Poster Presentation 25th Lorne Cancer Conference 2013

PTRF/cavin-1 modulates exosome content and function (#215)

Kerry L Inder 1 , Lara Petelin 1 , Jayde Ruelcke 1 , Eunju Choi 1 , Antje Blumenthal 1 , Yaxuan Liang 2 , Lara Mehal 2 , Dietmar Hutmacher 3 , Robert G Parton 4 , Michelle M Hill 1
  1. University of Queenland Diamantina Institute, Woollongabba, QLD, Australia
  2. New York University, New York, Australia
  3. Institute for Health and Biomedical Innovation, Queensland University of Technology, Brisbane, Australia
  4. Institute for Molecular Bioscience, Brisbane, Australia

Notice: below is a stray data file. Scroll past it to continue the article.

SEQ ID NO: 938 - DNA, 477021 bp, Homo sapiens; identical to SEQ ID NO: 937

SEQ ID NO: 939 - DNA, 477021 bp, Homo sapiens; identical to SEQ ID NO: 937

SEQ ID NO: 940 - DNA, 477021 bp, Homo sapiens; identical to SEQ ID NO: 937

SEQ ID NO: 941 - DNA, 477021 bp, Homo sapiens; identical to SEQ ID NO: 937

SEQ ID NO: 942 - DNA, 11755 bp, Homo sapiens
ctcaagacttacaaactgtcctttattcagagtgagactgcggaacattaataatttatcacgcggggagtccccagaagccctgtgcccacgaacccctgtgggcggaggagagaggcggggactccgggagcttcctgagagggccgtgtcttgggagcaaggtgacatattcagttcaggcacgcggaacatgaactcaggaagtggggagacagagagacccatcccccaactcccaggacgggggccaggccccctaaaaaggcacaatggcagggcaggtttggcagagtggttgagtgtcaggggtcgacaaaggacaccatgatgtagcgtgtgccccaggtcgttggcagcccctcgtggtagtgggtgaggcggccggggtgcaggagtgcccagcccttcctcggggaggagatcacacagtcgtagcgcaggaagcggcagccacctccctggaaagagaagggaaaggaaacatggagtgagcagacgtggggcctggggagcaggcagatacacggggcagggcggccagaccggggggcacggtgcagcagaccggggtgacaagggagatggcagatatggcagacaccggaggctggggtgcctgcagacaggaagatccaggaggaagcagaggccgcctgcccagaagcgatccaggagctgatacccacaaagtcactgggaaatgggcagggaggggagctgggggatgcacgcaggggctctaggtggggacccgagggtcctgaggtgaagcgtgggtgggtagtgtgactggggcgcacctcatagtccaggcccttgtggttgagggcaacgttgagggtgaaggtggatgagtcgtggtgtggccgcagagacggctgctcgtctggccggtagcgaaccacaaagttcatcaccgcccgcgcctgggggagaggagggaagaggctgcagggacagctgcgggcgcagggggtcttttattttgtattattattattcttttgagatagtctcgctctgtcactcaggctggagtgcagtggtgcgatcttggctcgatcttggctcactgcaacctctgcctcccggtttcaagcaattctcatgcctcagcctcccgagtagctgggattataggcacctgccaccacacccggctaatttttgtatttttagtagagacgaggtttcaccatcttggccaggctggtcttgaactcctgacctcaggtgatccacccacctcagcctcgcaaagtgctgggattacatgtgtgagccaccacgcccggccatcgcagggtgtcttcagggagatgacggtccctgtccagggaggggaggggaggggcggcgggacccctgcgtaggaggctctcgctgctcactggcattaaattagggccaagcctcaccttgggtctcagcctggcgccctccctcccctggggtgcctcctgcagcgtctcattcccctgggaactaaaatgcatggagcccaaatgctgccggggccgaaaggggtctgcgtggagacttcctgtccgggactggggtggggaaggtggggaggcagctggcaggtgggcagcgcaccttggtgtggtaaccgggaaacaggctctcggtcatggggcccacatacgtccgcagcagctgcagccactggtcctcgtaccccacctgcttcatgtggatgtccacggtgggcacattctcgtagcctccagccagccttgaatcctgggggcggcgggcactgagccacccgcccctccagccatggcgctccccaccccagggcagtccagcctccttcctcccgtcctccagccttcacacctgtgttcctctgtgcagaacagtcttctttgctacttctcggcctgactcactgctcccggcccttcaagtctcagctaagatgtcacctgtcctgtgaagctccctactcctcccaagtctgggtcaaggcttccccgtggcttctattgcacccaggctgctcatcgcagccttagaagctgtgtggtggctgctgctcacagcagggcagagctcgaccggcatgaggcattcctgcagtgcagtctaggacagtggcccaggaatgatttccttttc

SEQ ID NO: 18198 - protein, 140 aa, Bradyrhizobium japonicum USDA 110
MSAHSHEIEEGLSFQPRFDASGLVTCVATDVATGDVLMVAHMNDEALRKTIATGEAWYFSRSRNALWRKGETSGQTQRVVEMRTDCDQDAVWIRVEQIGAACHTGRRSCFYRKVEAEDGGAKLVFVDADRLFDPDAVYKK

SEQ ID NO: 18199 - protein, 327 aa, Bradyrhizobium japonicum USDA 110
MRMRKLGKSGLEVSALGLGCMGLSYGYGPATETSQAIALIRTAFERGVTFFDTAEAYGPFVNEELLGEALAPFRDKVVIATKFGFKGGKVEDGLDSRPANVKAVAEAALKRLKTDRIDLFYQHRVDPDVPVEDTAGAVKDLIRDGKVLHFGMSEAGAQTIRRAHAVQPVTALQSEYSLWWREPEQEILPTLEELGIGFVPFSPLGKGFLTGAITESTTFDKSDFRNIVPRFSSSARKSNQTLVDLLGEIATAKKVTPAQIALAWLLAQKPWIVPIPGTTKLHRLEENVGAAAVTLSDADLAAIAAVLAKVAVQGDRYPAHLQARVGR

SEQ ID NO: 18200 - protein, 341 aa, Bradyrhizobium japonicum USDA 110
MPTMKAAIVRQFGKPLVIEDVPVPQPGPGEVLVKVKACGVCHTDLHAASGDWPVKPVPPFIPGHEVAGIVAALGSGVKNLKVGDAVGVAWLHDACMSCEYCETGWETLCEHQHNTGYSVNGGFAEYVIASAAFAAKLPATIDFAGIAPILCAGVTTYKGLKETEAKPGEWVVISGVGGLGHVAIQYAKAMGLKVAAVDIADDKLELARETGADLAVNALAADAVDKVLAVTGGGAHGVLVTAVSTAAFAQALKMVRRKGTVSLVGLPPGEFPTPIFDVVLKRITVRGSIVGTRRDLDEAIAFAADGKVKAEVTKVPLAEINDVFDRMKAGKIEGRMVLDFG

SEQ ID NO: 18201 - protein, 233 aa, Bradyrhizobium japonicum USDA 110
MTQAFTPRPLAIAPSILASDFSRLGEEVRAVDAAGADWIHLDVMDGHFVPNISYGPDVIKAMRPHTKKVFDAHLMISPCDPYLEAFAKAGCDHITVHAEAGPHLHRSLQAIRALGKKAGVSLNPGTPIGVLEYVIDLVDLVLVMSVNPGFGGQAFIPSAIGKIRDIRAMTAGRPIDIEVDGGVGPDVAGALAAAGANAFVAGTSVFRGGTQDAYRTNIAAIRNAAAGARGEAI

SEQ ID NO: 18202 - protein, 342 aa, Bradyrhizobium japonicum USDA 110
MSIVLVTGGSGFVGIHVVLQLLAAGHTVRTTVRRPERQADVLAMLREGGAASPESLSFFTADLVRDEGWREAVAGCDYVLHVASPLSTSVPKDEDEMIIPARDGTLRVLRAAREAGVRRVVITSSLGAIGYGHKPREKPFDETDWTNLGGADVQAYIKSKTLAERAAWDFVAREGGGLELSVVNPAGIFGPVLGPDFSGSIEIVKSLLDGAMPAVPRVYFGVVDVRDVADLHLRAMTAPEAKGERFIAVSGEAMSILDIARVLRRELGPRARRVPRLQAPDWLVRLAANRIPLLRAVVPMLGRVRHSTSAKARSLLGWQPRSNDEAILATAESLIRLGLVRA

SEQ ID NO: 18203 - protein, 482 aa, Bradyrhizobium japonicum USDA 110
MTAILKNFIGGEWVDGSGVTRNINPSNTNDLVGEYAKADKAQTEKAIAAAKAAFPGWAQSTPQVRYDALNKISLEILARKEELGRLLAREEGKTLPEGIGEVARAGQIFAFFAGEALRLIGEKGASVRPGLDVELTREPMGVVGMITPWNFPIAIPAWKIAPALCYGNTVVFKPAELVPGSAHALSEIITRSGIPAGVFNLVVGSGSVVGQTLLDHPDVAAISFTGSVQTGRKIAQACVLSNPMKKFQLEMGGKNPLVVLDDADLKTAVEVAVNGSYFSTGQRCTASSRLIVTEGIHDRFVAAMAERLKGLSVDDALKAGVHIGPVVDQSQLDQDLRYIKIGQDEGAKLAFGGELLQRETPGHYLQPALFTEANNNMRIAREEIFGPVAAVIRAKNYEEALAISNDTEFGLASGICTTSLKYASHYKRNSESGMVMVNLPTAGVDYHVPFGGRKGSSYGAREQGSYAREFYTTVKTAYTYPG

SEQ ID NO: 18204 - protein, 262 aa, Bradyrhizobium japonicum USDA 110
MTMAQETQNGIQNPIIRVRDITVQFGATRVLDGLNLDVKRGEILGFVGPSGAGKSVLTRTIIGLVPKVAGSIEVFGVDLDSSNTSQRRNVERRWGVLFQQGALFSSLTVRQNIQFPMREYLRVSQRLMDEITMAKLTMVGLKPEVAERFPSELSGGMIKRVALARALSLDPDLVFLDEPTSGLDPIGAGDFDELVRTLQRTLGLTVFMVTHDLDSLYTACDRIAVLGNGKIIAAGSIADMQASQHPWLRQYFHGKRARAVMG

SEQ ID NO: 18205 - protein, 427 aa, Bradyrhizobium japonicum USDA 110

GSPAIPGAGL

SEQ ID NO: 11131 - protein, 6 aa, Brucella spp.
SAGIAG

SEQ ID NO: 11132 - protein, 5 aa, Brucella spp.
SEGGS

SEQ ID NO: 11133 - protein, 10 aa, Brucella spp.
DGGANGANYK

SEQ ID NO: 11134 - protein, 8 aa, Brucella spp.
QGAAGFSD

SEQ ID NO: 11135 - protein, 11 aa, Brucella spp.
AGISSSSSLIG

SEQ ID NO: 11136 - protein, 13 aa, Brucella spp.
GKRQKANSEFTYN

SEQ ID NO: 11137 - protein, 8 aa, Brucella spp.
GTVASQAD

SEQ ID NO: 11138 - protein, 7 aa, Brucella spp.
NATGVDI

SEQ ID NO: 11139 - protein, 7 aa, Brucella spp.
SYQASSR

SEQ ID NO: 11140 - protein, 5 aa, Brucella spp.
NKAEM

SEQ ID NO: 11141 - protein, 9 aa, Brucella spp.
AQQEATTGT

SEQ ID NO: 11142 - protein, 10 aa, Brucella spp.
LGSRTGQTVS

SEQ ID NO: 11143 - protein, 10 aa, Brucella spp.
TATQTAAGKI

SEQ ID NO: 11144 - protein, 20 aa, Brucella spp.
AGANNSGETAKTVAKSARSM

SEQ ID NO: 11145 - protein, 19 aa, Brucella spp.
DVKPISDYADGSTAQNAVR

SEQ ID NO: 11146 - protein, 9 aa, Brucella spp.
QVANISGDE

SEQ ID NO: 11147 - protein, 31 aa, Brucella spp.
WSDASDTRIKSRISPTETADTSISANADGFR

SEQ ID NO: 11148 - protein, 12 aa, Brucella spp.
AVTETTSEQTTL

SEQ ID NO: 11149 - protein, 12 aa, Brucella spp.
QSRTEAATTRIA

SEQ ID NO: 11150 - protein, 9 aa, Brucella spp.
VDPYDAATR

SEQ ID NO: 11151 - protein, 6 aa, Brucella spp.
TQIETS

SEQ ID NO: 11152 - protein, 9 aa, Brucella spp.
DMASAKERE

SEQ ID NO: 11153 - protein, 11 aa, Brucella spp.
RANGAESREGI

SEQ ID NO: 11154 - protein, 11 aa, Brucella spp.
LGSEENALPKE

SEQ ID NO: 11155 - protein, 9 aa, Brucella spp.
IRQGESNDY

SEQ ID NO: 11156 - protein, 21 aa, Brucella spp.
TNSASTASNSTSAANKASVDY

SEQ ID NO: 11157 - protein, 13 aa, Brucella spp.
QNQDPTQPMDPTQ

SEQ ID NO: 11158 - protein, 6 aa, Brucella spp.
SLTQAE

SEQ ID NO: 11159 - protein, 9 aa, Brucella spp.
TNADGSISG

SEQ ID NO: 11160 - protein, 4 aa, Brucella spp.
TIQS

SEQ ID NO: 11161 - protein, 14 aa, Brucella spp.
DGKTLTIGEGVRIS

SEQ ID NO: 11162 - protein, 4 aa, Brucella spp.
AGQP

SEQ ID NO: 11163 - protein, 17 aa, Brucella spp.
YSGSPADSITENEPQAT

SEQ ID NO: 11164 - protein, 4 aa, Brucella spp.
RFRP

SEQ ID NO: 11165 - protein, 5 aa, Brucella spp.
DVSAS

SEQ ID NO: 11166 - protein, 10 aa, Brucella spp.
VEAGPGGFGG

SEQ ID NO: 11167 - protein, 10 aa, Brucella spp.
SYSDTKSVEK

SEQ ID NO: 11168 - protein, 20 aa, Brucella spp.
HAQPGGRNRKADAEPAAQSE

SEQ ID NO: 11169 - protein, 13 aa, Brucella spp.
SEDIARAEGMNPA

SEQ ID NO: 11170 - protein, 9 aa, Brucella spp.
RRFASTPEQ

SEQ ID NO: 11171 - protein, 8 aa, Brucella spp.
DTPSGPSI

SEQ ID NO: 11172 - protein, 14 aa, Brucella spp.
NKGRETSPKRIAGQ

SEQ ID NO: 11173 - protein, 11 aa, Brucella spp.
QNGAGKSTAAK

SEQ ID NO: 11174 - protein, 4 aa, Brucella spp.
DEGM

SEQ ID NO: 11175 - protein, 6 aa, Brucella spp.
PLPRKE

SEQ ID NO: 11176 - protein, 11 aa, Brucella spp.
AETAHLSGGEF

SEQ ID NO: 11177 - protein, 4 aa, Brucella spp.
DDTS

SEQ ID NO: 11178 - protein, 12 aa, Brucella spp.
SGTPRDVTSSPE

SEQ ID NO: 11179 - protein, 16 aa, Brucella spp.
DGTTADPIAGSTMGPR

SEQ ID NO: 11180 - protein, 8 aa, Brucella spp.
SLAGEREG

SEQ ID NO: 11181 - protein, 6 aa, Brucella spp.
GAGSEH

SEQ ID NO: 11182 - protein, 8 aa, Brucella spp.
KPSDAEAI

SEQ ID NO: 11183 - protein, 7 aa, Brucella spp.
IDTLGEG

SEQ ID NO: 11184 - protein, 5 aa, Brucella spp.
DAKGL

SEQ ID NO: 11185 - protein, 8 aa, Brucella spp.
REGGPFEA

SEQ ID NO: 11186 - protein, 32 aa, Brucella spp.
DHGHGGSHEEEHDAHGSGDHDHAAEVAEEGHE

Recent studies have established a role for tumour-secreted exosomes in cancer development and progression. Exosomes are enriched in cholesterol and sphingolipids, and our recent work revealed a concomitant alteration of lipid raft and exosome proteomes from prostate cancer PC3 cells, when caveolae formation was induced by the co-factor PTRF/cavin-1. We previously confirmed that cavin-1 expression altered exosomal but not cellular content suggesting modulation of trafficking pathways. Here we investigated the effect of cavin-1 expression on the function of PC3 exosomes. Electron microscopy showed that exosome morphology was not altered by cavin-1. Quantitation of exosome size using dynamic light scattering revealed a significant reduction in the mean exosome diameter and number of exosomes released per cell for cavin-1 cells compared to control cells. To investigate the biological significance of the change in exosome content we examined the exosome function in vitro using 3 cell models: osteoclast differentiation, osteoblast proliferation and macrophage polarisation. Exosomes from PC3 cells induced differentiation of RAW264.7 cells to osteoclast-like multi-nucleate, TRAP-expressing cells, and stimulated human primary osteoblast proliferation compared to control. In the same assays, exosomes derived from cavin-1 PC3 cells failed to induce multinucleate osteoclasts and had reduced ability to stimulate osteoblast proliferation. In contrast, exosomes from control and cavin-1 cells had no effect on differentiation of monocytes into macrophages. These results demonstrate selective biological function for PC3-derived exosomes. Using fluorescently-labelled exosomes we demonstrated reduced uptake to target cells of cavin-1 derived exosomes compared to control. Proteinase K and neuraminidase treatment to remove exosomal surface protein and sialic acid, modulated exosome uptake into RAW264.7 cells. In summary, our data show that cavin-1 modulates the number, size, content and function of PC3 exosomes. Taken together with our previous report, we suggest modulation of lipid raft content and dynamics as the molecular mechanism.